You should try and take your pill at the same time every day to help you remember to take it.

One pill missed

If you forget to take ONE pill, or start your new pack one day late, you should take the pill you missed as soon as possible, then continue taking the rest of the pack as normal. You will still be protected against pregnancy and you don't need to use extra contraception.

Two or more pills missed

If you forget to take TWO or more pills, or start your new pack two or more days late, you won't be protected against pregnancy. You should take the last pill you missed as soon as possible, forget the other missed ones and then continue to take your pills, one every day, as normal. You should either not have sex, or use an extra barrier method of contraception, eg condoms, for the next seven days.

If you had unprotected sex in the seven days before you missed pills, you may need emergency contraception (the morning after pill). Ask for medical advice.

If there are fewer than seven pills left in your pack after your last missed pill, you should finish the pack and then start a new pack straight away without a break. This means skipping your pill-free week.

If there are seven or more pills left in your pack after your last missed pill, you should finish the pack and have your seven day break as usual before starting the next pack.

If you are confused about any of this, you can get individual advice for your circumstances from your doctor, pharmacist, local family planning clinic, or by calling the fpa helpline on 0845 122 8690.

Warning!

  • If you vomit within two hours of taking a pill, it may not have been fully absorbed into your bloodstream. You should take another pill as soon as you feel well enough and take your next pill at your usual time. You should still be protected from pregnancy. However, if vomiting continues for more than 24 hours, this may make your pill less effective. You should keep taking your pill at your normal time, but treat each day that you have vomiting as if you had forgotten to take a pill and follow the instructions under "what do I do if I miss a pill" above.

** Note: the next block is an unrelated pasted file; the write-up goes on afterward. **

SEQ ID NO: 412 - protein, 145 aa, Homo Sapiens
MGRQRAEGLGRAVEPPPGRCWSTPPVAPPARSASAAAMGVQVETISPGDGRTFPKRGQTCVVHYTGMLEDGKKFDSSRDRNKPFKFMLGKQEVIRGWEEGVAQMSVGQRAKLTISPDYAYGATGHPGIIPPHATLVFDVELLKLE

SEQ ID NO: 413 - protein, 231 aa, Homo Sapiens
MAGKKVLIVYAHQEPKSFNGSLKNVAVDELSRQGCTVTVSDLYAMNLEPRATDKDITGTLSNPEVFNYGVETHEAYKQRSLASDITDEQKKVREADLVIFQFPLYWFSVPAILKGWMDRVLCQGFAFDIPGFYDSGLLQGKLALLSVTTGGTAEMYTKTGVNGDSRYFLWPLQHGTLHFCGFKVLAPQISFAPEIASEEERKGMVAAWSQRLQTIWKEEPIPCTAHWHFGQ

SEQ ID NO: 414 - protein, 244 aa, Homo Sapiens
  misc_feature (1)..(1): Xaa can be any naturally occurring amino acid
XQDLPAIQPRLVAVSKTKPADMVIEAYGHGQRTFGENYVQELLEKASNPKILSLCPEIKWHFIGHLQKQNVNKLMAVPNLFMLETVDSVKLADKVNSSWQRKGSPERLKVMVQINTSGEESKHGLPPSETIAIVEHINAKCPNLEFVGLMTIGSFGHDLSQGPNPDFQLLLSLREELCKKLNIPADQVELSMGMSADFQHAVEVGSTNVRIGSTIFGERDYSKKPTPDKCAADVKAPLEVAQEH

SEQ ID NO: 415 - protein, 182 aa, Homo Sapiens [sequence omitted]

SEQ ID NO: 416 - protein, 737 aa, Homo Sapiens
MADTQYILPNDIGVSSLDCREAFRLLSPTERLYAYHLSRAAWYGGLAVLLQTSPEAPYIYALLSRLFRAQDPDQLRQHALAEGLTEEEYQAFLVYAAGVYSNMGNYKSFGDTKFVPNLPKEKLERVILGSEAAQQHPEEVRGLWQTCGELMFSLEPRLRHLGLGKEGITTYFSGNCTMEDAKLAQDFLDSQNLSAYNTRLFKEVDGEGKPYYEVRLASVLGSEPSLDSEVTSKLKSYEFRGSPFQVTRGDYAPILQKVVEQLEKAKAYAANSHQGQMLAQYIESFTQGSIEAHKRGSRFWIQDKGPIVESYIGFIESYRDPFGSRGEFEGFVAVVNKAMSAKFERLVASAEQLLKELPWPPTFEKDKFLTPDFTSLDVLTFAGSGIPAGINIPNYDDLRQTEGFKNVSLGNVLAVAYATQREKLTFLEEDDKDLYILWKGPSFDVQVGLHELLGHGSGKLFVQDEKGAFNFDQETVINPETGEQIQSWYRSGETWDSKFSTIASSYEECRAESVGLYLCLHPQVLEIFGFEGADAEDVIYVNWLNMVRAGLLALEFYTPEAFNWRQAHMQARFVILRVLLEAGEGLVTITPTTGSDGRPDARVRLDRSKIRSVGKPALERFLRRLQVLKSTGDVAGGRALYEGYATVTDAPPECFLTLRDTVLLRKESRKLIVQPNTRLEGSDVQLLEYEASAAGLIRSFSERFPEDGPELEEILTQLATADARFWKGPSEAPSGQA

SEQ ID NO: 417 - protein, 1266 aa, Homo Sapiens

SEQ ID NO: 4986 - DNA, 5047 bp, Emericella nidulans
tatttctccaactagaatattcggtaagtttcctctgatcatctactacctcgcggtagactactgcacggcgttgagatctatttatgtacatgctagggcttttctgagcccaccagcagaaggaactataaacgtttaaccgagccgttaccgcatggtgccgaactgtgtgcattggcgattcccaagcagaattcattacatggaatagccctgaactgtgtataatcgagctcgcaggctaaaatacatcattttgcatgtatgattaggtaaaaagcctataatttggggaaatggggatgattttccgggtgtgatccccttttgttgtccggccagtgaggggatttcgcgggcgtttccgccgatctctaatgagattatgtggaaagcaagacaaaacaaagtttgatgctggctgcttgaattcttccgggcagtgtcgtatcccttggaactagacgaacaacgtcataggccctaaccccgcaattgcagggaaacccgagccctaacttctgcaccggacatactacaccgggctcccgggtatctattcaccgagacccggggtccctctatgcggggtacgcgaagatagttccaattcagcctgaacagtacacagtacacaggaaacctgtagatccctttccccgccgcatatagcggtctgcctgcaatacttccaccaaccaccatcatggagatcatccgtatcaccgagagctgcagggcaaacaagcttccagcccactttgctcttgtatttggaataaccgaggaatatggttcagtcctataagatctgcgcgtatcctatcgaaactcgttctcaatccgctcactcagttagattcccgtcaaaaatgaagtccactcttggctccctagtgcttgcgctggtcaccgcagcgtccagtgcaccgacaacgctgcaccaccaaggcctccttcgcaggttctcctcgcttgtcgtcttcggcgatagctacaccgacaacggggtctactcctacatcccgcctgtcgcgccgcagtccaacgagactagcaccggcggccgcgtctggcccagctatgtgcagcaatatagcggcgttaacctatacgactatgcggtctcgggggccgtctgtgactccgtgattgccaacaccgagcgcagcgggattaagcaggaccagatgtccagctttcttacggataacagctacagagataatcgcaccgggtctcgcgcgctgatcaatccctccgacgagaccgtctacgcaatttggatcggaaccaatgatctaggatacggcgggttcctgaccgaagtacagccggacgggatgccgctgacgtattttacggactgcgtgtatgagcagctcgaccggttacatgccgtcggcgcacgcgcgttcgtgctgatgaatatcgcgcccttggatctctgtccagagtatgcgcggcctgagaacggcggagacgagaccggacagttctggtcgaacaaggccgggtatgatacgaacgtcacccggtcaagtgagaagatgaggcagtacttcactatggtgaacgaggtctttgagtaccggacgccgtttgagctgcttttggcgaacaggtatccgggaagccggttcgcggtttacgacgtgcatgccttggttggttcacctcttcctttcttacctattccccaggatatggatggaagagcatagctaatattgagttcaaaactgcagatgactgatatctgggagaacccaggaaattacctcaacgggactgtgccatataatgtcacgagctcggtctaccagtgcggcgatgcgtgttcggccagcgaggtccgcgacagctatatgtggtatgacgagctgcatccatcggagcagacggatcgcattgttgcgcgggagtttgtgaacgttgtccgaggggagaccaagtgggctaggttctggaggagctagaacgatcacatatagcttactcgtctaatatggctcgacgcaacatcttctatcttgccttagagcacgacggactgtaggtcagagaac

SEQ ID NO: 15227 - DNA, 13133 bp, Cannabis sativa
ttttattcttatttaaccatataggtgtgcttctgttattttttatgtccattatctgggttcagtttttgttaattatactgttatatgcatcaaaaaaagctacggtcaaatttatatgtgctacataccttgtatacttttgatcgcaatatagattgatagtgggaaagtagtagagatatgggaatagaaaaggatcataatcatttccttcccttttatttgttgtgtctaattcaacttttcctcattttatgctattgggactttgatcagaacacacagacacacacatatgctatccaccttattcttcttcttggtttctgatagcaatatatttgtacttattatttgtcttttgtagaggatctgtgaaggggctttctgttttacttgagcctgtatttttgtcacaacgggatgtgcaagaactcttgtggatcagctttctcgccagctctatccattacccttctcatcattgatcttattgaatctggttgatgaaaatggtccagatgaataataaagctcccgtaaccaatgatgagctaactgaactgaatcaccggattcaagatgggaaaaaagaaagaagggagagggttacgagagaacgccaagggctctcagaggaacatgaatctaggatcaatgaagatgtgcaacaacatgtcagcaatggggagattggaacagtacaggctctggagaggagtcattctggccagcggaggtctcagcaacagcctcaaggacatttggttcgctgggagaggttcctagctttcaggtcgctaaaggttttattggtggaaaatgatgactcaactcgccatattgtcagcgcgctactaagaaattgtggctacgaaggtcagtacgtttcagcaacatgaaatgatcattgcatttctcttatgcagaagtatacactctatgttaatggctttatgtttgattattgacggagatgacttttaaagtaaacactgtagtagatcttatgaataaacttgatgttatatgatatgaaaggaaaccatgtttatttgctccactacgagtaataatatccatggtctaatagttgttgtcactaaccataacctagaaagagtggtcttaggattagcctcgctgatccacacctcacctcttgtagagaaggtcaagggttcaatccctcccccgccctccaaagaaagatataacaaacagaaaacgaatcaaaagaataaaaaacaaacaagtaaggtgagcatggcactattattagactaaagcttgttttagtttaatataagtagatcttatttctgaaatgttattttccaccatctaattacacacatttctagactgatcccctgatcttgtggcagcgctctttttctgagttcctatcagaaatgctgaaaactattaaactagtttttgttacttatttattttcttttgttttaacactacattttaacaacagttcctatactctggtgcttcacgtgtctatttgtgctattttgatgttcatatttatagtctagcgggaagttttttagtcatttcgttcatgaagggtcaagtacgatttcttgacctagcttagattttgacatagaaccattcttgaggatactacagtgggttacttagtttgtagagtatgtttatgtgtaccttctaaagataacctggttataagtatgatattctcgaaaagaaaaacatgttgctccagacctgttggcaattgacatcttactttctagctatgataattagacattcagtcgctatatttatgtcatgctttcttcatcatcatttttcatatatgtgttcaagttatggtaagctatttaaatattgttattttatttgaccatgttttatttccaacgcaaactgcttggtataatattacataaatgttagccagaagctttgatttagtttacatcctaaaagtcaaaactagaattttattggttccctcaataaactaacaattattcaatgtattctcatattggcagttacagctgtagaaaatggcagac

• If you have very severe diarrhoea for more than 24 hours, this may make your pill less effective. You should keep taking your pill at your normal time, but treat each day that you have severe diarrhoea as if you had forgotten to take a pill and follow the instructions under "what do I do if I miss a pill" above.
  • This contraceptive pill will not protect you against sexually transmitted infections, so you may still need to use condoms as well.
  • Women using this contraceptive for the first time may experience menstrual irregularities such as spotting, breakthrough bleeding or missed periods. Consult your doctor if any breakthrough bleeding persists. If you don't have a withdrawal bleed for two consecutive months you should do a pregnancy test before starting the next month's contraceptive cycle.
  • It is important to be aware that, compared with women who do not use these contraceptives, women taking the combined pill appear to have a small increase in the risk of developing a blood clot in a vein, eg in the leg (deep vein thrombosis) or in the lungs (pulmonary embolism), or a blood clot in an artery, eg causing a stroke or a heart attack. This risk is greater in certain groups of women, particularly smokers and women who are obese - see cautions and not to be used in below). However, pregnancy carries a much higher risk of blood clots than any pill, so the potential risk must be weighed against the benefits of the contraceptive. You should discuss this with your doctor.
  • The risk of blood clots forming in the veins (venous thromboembolism) while taking the pill may be temporarily increased if you are immobile for prolonged periods of time, for example if you have a major accident or major surgery. For this reason, your doctor will usually recommend that you stop taking this pill for a period of time (usually four to six weeks) prior to any planned surgery, particularly abdominal surgery or orthopaedic surgery on the lower limbs (but not before minor surgery like teeth extraction). You will also need to stop taking this pill if you are going to be immobile for long periods, for example because you are confined to bed or have a leg in a plaster cast. You should not start taking the pill again until at least two weeks after you are fully mobile. There may also be an increased risk of blood clots in the veins if you are travelling for long periods of time where you will be sat still (over five hours). The risk of blood clots during long journeys may be reduced by appropriate exercise during the journey and possibly by wearing elastic hosiery. Discuss this with your doctor.